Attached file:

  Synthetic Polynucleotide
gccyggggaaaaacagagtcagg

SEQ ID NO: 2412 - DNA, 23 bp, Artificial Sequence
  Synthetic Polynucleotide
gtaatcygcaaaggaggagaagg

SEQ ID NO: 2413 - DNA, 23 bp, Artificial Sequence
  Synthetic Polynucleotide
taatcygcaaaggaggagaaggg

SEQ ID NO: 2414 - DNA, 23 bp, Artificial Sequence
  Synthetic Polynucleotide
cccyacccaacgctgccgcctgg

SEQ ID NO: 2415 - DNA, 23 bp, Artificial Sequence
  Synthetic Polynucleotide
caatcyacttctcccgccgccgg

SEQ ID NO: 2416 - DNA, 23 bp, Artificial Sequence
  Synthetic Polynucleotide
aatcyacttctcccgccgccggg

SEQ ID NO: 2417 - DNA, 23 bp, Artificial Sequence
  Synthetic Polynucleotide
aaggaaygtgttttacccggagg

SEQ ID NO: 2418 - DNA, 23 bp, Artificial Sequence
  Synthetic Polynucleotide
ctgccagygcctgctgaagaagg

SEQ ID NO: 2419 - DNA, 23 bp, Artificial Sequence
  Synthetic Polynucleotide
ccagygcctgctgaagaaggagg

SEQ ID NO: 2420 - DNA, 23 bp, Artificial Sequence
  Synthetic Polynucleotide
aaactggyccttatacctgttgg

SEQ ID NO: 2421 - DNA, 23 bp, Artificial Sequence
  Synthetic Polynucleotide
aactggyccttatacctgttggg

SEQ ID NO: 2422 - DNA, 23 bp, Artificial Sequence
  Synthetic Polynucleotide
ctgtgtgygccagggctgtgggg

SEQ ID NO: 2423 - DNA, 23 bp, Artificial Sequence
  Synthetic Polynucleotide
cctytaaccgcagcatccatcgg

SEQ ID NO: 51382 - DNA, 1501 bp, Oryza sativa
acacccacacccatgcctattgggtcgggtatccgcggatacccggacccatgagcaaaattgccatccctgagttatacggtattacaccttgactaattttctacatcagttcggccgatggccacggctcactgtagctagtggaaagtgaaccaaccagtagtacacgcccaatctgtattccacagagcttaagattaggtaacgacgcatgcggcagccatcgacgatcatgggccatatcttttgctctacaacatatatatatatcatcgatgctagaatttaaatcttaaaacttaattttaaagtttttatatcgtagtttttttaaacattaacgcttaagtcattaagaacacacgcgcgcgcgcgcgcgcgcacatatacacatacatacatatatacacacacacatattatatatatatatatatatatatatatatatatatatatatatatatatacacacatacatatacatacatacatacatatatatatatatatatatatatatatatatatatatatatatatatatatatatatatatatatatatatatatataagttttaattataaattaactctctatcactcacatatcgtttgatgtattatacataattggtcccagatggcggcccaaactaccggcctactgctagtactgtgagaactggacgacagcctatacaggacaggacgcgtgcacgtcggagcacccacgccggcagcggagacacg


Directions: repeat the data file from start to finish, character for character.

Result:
  Synthetic Polynucleotide
gccyggggaaaaacagagtcagg

SEQ ID NO: 2412 - DNA, 23 bp, Artificial Sequence
  Synthetic Polynucleotide
gtaatcygcaaaggaggagaagg

SEQ ID NO: 2413 - DNA, 23 bp, Artificial Sequence
  Synthetic Polynucleotide
taatcygcaaaggaggagaaggg

SEQ ID NO: 2414 - DNA, 23 bp, Artificial Sequence
  Synthetic Polynucleotide
cccyacccaacgctgccgcctgg

SEQ ID NO: 2415 - DNA, 23 bp, Artificial Sequence
  Synthetic Polynucleotide
caatcyacttctcccgccgccgg

SEQ ID NO: 2416 - DNA, 23 bp, Artificial Sequence
  Synthetic Polynucleotide
aatcyacttctcccgccgccggg

SEQ ID NO: 2417 - DNA, 23 bp, Artificial Sequence
  Synthetic Polynucleotide
aaggaaygtgttttacccggagg

SEQ ID NO: 2418 - DNA, 23 bp, Artificial Sequence
  Synthetic Polynucleotide
ctgccagygcctgctgaagaagg

SEQ ID NO: 2419 - DNA, 23 bp, Artificial Sequence
  Synthetic Polynucleotide
ccagygcctgctgaagaaggagg

SEQ ID NO: 2420 - DNA, 23 bp, Artificial Sequence
  Synthetic Polynucleotide
aaactggyccttatacctgttgg

SEQ ID NO: 2421 - DNA, 23 bp, Artificial Sequence
  Synthetic Polynucleotide
aactggyccttatacctgttggg

SEQ ID NO: 2422 - DNA, 23 bp, Artificial Sequence
  Synthetic Polynucleotide
ctgtgtgygccagggctgtgggg

SEQ ID NO: 2423 - DNA, 23 bp, Artificial Sequence
  Synthetic Polynucleotide
cctytaaccgcagcatccatcgg

SEQ ID NO: 51382 - DNA, 1501 bp, Oryza sativa
acacccacacccatgcctattgggtcgggtatccgcggatacccggacccatgagcaaaattgccatccctgagttatacggtattacaccttgactaattttctacatcagttcggccgatggccacggctcactgtagctagtggaaagtgaaccaaccagtagtacacgcccaatctgtattccacagagcttaagattaggtaacgacgcatgcggcagccatcgacgatcatgggccatatcttttgctctacaacatatatatatatcatcgatgctagaatttaaatcttaaaacttaattttaaagtttttatatcgtagtttttttaaacattaacgcttaagtcattaagaacacacgcgcgcgcgcgcgcgcgcacatatacacatacatacatatatacacacacacatattatatatatatatatatatatatatatatatatatatatatatatatatacacacatacatatacatacatacatacatatatatatatatatatatatatatatatatatatatatatatatatatatatatatatatatatatatatatatataagttttaattataaattaactctctatcactcacatatcgtttgatgtattatacataattggtcccagatggcggcccaaactaccggcctactgctagtactgtgagaactggacgacagcctatacaggacaggacgcgtgcacgtcggagcacccacgccggcagcggagacacg